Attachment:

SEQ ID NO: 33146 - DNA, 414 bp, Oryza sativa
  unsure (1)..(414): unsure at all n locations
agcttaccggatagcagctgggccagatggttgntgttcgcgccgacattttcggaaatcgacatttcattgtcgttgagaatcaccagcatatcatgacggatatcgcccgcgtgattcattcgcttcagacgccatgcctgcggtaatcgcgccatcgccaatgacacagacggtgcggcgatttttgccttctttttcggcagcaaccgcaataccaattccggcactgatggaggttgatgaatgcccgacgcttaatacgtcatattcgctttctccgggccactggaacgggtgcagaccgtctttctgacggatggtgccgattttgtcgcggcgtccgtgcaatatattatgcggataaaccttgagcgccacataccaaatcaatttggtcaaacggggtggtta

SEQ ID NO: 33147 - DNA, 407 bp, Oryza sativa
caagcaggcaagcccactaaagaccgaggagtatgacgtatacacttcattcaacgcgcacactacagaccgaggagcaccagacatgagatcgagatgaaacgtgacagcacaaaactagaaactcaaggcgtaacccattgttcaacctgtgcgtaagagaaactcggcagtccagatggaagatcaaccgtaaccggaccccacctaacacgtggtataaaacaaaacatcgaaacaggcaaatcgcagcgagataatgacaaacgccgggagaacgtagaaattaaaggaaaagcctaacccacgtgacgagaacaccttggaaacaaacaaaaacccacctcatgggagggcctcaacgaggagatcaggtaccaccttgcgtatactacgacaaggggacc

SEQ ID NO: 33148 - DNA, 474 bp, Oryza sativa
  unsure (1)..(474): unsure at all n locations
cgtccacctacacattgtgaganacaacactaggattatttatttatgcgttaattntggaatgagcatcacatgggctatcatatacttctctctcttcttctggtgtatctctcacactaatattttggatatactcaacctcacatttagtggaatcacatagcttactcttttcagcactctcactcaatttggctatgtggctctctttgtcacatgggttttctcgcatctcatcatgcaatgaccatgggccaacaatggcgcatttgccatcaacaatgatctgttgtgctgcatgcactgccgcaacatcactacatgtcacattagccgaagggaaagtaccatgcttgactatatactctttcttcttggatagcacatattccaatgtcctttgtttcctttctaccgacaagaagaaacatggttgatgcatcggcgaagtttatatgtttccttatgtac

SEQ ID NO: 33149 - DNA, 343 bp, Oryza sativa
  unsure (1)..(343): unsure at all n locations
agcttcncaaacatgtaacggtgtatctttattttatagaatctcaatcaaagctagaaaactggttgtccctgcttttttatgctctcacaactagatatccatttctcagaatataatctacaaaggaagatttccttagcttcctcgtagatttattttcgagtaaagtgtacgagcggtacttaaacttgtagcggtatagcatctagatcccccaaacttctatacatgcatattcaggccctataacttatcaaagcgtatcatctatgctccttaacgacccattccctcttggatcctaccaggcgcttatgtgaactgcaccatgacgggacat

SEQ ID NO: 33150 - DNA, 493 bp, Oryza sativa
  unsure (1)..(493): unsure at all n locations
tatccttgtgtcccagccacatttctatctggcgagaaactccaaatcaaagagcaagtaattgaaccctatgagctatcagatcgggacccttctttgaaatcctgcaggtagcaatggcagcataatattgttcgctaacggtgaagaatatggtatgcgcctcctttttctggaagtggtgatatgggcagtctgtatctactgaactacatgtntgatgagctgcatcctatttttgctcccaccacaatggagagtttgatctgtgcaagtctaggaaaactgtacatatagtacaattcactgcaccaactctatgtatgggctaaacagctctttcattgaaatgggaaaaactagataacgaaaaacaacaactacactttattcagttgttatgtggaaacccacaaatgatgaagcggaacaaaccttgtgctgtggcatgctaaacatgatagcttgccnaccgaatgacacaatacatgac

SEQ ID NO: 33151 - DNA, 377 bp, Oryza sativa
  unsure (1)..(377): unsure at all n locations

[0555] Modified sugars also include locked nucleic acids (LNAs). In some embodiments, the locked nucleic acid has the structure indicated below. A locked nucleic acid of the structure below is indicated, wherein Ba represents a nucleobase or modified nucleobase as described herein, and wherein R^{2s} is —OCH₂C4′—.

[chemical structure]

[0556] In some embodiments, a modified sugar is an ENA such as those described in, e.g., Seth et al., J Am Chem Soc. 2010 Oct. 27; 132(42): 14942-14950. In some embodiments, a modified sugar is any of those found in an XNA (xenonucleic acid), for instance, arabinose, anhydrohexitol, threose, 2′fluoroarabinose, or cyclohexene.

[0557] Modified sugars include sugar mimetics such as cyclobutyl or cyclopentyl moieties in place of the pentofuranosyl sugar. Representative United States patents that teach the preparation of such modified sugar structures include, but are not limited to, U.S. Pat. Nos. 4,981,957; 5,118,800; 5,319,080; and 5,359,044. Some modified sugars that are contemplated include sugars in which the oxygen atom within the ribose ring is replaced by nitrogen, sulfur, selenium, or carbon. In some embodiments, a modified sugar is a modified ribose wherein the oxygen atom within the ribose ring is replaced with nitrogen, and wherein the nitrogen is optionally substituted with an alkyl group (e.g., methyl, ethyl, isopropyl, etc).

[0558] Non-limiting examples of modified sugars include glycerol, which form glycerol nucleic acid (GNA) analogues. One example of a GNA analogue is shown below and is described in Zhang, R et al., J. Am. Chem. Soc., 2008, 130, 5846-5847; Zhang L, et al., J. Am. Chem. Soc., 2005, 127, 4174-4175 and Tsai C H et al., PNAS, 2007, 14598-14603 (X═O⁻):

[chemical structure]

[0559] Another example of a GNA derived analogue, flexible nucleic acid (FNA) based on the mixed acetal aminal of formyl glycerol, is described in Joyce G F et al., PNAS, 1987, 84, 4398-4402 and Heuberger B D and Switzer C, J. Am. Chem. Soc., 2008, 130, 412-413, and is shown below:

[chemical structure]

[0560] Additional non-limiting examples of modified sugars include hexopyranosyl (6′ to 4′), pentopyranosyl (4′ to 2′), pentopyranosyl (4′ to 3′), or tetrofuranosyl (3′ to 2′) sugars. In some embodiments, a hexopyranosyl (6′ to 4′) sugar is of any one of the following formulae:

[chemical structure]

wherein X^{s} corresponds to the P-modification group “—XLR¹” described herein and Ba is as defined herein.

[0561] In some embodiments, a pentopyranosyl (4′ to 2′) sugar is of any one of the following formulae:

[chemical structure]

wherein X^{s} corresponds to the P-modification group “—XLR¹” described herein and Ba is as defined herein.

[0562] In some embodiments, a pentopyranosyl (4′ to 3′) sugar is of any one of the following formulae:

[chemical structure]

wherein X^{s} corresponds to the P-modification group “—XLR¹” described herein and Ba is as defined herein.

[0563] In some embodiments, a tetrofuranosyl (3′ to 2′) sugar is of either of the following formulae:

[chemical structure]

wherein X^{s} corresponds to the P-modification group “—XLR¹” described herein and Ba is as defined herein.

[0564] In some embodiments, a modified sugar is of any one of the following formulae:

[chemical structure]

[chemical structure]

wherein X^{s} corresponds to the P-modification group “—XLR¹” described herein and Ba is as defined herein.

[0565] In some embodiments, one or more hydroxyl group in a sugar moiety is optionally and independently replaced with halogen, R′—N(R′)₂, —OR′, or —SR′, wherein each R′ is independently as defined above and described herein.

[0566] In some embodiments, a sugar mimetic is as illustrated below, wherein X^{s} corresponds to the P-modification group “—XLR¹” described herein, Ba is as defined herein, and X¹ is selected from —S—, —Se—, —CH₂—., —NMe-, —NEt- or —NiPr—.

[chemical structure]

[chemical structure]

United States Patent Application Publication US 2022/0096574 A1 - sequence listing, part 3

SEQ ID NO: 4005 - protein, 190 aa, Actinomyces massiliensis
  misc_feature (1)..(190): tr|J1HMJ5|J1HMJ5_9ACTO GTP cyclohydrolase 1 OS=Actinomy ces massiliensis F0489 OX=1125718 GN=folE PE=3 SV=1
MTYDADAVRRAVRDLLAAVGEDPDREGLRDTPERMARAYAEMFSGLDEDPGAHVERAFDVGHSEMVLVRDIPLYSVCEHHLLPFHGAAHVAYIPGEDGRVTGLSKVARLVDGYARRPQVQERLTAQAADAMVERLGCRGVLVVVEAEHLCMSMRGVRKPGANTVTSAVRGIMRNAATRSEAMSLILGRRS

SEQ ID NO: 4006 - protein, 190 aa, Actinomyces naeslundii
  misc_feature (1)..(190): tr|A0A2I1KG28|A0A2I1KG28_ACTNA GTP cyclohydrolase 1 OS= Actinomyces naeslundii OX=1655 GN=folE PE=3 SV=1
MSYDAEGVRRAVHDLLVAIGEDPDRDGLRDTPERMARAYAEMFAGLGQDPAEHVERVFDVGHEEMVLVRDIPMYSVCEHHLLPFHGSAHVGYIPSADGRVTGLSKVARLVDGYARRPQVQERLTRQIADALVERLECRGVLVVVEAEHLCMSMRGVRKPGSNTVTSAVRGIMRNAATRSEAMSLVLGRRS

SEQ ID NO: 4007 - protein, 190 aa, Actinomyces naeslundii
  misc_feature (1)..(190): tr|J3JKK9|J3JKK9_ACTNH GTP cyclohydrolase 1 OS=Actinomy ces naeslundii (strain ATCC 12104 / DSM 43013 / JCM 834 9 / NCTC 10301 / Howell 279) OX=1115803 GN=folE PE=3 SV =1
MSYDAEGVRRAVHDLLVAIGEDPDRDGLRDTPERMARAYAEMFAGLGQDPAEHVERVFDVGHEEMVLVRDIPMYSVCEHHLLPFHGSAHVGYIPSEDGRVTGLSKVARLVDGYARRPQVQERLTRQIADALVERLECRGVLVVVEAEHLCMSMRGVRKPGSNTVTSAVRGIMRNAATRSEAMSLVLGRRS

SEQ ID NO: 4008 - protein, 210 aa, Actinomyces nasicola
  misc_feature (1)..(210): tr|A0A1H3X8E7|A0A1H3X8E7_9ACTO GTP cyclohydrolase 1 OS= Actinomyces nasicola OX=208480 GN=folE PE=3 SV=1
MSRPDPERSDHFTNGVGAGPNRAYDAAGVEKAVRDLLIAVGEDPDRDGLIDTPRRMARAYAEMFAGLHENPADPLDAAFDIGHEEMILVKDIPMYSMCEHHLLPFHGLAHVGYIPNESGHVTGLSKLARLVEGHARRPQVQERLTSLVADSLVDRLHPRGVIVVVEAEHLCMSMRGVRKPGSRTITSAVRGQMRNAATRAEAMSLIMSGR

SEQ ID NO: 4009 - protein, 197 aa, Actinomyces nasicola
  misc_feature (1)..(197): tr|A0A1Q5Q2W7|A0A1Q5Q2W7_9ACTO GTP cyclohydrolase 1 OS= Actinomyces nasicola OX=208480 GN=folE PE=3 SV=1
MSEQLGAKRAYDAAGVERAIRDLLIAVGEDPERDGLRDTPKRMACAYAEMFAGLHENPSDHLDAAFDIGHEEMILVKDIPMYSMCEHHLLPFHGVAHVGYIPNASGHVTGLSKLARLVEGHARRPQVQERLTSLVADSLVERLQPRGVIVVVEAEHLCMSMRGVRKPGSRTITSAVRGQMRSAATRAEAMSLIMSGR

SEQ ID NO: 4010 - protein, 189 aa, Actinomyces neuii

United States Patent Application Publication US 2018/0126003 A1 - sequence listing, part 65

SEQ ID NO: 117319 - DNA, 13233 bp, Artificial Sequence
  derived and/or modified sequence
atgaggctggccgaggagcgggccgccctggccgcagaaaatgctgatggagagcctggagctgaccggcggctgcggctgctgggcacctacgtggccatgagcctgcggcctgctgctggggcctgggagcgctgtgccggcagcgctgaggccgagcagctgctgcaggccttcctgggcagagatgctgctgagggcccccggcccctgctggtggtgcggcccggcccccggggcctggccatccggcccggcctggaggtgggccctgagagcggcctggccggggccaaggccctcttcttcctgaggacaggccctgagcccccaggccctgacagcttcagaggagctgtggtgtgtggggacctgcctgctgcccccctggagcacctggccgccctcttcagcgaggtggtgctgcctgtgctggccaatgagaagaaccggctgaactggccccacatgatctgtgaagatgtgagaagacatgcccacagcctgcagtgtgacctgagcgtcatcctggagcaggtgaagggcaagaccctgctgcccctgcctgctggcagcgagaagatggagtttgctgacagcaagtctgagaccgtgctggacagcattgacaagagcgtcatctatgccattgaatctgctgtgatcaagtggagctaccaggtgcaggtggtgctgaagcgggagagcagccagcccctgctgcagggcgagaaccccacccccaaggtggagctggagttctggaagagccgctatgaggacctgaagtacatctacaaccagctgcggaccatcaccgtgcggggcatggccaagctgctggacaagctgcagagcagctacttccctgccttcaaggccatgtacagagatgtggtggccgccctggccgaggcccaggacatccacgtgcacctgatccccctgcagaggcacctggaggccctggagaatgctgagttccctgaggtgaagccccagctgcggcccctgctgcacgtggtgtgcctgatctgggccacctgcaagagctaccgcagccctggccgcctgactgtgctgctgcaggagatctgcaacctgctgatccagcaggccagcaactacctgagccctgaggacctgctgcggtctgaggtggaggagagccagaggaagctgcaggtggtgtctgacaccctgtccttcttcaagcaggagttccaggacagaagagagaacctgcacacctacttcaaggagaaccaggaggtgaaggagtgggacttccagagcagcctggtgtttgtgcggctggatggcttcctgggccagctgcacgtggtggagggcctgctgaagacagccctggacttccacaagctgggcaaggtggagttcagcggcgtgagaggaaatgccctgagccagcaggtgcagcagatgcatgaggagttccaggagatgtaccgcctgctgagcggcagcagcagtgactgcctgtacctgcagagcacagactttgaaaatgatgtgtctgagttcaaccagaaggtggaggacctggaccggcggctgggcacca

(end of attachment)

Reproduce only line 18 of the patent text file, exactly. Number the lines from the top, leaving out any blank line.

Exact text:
[chemical structure]